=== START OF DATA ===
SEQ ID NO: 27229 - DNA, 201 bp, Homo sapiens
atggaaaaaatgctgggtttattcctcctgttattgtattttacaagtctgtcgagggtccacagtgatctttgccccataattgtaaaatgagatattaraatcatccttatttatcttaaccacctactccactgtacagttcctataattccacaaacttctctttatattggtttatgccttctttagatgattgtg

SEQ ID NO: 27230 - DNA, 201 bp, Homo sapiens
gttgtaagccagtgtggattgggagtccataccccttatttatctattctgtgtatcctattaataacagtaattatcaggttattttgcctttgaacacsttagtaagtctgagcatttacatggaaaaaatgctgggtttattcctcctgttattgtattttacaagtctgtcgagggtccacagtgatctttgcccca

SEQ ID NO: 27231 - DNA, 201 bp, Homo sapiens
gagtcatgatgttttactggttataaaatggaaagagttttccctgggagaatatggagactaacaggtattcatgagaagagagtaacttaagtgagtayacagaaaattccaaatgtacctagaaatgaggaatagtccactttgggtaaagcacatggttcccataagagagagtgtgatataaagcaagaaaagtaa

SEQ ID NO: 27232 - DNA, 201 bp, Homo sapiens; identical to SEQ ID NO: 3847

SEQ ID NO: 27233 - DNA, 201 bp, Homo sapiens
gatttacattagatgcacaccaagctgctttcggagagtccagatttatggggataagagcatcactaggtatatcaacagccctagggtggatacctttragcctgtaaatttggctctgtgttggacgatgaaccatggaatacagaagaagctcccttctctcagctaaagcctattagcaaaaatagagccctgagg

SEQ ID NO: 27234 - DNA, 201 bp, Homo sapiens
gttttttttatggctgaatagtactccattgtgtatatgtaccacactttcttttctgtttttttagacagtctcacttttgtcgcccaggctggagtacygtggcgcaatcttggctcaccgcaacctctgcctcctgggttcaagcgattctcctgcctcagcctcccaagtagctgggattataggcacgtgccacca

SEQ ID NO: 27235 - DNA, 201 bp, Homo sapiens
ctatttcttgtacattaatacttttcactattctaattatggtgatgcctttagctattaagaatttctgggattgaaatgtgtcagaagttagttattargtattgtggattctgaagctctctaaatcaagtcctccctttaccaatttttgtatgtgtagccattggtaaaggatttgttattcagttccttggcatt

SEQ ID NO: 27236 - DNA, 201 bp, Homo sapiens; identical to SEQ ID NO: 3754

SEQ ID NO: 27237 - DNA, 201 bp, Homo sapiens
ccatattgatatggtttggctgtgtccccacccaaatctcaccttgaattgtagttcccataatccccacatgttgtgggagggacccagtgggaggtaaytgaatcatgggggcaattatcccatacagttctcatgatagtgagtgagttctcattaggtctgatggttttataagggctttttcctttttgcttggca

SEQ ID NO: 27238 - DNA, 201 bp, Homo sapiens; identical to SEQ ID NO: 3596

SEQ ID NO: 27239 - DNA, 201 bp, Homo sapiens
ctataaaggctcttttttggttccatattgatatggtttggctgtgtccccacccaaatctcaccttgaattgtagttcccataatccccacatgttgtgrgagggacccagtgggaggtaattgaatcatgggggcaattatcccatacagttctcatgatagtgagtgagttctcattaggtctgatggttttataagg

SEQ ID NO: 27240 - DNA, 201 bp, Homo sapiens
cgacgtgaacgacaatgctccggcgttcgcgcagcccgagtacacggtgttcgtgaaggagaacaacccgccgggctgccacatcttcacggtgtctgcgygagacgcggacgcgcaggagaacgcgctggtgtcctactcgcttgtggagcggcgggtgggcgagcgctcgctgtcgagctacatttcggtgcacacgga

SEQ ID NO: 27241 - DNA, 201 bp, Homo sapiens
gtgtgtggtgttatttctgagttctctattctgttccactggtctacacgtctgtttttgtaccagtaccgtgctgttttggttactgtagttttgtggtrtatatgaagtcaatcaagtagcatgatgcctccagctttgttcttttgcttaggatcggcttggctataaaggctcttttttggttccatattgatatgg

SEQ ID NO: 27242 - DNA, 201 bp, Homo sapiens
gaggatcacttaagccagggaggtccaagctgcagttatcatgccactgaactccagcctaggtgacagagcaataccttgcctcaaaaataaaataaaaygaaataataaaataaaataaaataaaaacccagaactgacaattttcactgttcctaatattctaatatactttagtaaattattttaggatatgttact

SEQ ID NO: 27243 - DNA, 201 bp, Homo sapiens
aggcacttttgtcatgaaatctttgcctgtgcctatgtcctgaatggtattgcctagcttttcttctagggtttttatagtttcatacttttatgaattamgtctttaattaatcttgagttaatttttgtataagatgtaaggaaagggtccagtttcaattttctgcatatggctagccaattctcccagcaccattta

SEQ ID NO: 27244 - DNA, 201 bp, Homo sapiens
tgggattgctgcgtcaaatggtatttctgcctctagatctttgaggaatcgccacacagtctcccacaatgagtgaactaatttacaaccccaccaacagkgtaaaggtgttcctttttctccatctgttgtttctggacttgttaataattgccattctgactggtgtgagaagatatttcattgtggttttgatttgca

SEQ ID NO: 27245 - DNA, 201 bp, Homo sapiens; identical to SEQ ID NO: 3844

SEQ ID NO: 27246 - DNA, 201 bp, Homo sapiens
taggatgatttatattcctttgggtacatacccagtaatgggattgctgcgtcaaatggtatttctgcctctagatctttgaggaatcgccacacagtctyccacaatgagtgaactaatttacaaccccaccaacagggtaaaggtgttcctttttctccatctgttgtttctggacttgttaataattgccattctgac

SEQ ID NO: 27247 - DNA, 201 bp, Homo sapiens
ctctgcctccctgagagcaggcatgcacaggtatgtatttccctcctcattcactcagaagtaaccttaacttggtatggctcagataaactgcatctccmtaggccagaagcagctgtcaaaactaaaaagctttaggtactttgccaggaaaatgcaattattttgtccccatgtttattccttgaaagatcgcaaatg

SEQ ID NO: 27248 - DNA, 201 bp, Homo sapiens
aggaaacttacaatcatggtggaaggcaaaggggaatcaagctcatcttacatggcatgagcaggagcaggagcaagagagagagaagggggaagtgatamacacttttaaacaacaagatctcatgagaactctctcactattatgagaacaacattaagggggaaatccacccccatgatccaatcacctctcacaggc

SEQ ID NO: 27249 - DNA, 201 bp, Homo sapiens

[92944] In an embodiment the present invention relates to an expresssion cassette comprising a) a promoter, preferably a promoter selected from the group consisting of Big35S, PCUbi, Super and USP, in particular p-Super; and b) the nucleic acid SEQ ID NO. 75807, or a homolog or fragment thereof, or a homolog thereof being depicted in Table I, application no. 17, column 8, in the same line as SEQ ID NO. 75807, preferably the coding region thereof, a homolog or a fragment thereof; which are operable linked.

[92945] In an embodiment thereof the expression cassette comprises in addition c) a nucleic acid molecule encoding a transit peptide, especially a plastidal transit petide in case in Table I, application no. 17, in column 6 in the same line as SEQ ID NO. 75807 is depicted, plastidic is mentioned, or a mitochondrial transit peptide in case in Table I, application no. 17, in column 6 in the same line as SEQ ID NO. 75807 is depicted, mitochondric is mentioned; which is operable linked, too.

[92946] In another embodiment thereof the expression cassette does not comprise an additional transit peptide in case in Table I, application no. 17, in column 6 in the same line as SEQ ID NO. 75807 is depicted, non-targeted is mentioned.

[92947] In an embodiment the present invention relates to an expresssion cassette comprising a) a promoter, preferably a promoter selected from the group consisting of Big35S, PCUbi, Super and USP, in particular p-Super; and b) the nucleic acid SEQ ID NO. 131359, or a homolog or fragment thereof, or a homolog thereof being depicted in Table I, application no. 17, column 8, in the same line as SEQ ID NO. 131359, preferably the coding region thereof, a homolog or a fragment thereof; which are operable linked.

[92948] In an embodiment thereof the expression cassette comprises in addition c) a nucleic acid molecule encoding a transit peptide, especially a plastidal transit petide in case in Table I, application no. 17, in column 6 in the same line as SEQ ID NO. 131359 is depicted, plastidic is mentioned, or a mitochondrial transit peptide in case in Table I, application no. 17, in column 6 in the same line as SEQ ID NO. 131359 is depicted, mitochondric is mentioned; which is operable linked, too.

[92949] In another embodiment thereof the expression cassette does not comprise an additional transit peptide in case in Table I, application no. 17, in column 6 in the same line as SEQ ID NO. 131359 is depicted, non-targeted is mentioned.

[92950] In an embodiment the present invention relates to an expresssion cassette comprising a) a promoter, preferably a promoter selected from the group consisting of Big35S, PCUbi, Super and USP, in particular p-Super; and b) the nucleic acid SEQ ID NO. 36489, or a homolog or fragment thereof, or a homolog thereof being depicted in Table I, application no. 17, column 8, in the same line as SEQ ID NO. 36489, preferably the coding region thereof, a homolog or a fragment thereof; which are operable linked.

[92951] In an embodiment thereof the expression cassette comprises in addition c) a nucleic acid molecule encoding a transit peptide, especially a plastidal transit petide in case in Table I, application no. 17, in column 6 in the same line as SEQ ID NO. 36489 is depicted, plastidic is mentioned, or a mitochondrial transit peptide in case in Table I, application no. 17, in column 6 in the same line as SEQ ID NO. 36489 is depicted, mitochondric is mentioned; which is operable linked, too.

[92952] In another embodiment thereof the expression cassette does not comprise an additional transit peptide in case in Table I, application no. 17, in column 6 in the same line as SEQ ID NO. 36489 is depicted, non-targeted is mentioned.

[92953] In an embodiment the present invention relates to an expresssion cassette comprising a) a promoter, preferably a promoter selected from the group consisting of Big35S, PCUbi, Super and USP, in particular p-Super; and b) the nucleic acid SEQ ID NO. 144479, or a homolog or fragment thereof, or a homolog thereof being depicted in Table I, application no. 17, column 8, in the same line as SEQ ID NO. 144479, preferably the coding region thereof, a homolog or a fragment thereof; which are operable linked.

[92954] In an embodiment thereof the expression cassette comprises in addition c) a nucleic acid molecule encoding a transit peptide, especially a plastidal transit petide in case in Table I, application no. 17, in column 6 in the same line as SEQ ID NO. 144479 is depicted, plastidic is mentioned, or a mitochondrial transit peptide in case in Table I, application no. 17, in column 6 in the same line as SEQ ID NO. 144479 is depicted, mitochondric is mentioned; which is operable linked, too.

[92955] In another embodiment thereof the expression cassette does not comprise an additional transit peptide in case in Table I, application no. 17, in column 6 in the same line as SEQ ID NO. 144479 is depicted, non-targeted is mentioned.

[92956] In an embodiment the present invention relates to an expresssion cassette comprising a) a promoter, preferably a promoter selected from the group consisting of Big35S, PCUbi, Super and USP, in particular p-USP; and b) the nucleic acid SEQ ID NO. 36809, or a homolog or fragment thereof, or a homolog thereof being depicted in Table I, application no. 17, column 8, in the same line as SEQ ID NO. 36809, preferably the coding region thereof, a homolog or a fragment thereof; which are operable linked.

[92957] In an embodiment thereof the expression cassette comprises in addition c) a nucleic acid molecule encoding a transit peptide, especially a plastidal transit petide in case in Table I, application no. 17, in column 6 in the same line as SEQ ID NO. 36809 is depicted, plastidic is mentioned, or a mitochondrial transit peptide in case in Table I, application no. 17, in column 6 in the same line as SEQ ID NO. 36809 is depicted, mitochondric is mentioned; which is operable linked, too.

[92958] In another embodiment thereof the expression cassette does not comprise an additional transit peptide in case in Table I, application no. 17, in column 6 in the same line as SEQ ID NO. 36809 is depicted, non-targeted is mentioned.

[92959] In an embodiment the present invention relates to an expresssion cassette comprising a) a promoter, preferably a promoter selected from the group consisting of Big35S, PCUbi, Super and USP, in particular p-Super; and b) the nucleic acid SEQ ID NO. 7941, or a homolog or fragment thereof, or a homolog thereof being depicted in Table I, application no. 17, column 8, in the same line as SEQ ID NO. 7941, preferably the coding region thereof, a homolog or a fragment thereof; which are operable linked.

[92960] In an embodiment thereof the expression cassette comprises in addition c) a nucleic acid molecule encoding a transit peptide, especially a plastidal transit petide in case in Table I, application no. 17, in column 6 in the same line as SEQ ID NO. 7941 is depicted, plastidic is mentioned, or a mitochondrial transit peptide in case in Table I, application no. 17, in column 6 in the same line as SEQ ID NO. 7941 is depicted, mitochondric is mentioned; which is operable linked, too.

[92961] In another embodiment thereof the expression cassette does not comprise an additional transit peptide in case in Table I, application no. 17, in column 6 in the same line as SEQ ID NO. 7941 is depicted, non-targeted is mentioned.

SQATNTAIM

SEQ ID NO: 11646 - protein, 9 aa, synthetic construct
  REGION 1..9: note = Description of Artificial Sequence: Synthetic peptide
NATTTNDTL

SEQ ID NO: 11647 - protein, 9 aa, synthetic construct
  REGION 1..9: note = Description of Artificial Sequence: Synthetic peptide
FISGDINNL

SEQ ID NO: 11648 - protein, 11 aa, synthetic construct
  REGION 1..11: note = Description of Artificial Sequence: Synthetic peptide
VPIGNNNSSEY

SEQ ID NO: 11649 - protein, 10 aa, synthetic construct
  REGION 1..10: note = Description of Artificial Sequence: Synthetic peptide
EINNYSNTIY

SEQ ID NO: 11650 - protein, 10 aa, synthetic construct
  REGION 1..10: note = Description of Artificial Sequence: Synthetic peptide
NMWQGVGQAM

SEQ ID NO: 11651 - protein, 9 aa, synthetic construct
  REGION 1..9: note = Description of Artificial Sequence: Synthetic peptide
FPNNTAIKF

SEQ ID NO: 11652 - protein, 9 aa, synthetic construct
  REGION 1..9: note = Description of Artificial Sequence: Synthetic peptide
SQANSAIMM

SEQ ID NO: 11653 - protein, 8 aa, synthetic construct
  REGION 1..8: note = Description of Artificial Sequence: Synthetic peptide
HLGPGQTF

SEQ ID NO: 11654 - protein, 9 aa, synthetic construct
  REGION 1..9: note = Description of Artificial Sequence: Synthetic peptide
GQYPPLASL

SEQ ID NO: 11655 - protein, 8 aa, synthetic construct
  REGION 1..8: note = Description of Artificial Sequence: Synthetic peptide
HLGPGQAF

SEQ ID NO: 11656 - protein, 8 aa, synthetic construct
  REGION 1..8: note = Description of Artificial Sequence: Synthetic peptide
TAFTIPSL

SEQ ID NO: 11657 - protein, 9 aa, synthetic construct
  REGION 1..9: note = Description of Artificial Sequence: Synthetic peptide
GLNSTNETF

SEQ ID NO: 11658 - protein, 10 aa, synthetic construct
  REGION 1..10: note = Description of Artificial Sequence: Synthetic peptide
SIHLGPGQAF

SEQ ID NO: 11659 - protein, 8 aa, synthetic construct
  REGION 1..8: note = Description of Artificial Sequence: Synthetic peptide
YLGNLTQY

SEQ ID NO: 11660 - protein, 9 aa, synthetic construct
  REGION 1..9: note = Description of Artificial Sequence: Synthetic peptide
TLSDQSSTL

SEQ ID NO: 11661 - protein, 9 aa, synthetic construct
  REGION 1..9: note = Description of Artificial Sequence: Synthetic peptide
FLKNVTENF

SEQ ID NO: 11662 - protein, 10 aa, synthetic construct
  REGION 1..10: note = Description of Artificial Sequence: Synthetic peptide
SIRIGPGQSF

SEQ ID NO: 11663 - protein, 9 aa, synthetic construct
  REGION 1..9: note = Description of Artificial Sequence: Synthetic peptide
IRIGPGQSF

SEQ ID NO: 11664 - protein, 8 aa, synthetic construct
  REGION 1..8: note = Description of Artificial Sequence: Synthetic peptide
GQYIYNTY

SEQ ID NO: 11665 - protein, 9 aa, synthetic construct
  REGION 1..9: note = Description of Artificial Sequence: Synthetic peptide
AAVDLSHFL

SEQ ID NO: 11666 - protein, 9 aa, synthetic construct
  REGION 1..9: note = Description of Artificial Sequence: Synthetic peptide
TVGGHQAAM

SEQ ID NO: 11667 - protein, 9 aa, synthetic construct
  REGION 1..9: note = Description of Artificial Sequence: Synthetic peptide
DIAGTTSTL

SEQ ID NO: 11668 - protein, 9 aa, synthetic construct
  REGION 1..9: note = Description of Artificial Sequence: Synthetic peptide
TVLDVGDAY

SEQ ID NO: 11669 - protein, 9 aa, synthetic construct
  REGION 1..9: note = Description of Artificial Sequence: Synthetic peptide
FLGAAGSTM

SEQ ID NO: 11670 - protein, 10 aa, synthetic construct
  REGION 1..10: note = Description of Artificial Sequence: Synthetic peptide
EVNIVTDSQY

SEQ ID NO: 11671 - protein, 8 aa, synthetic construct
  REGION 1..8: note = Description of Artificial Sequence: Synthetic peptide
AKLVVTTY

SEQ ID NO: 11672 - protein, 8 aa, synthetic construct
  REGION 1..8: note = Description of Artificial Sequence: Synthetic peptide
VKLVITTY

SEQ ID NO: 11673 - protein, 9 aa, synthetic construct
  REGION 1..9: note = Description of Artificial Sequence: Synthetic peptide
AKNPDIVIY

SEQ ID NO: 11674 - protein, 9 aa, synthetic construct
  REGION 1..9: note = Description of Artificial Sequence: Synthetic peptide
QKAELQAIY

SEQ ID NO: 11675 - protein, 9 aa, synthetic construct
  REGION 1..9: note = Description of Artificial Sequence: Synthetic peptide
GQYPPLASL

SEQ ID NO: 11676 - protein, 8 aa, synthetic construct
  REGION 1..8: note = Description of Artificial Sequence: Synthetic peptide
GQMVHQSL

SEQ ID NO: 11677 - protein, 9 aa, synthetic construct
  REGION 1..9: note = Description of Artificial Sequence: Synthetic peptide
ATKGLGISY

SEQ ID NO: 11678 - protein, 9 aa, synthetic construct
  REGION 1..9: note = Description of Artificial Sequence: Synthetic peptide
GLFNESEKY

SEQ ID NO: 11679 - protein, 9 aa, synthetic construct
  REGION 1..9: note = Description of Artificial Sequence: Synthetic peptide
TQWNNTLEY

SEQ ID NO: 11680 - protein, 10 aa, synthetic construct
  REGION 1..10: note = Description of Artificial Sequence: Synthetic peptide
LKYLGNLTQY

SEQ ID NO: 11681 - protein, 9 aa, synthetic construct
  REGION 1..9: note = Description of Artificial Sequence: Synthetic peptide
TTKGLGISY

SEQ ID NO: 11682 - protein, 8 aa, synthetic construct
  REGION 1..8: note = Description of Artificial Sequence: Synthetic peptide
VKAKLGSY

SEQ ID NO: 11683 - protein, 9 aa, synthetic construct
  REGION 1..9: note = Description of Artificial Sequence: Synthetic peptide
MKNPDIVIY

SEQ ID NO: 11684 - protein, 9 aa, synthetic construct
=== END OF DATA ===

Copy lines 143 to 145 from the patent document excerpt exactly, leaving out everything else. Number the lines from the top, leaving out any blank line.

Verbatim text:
QKAELQAIY

SEQ ID NO: 11675 - protein, 9 aa, synthetic construct
  REGION 1..9: note = Description of Artificial Sequence: Synthetic peptide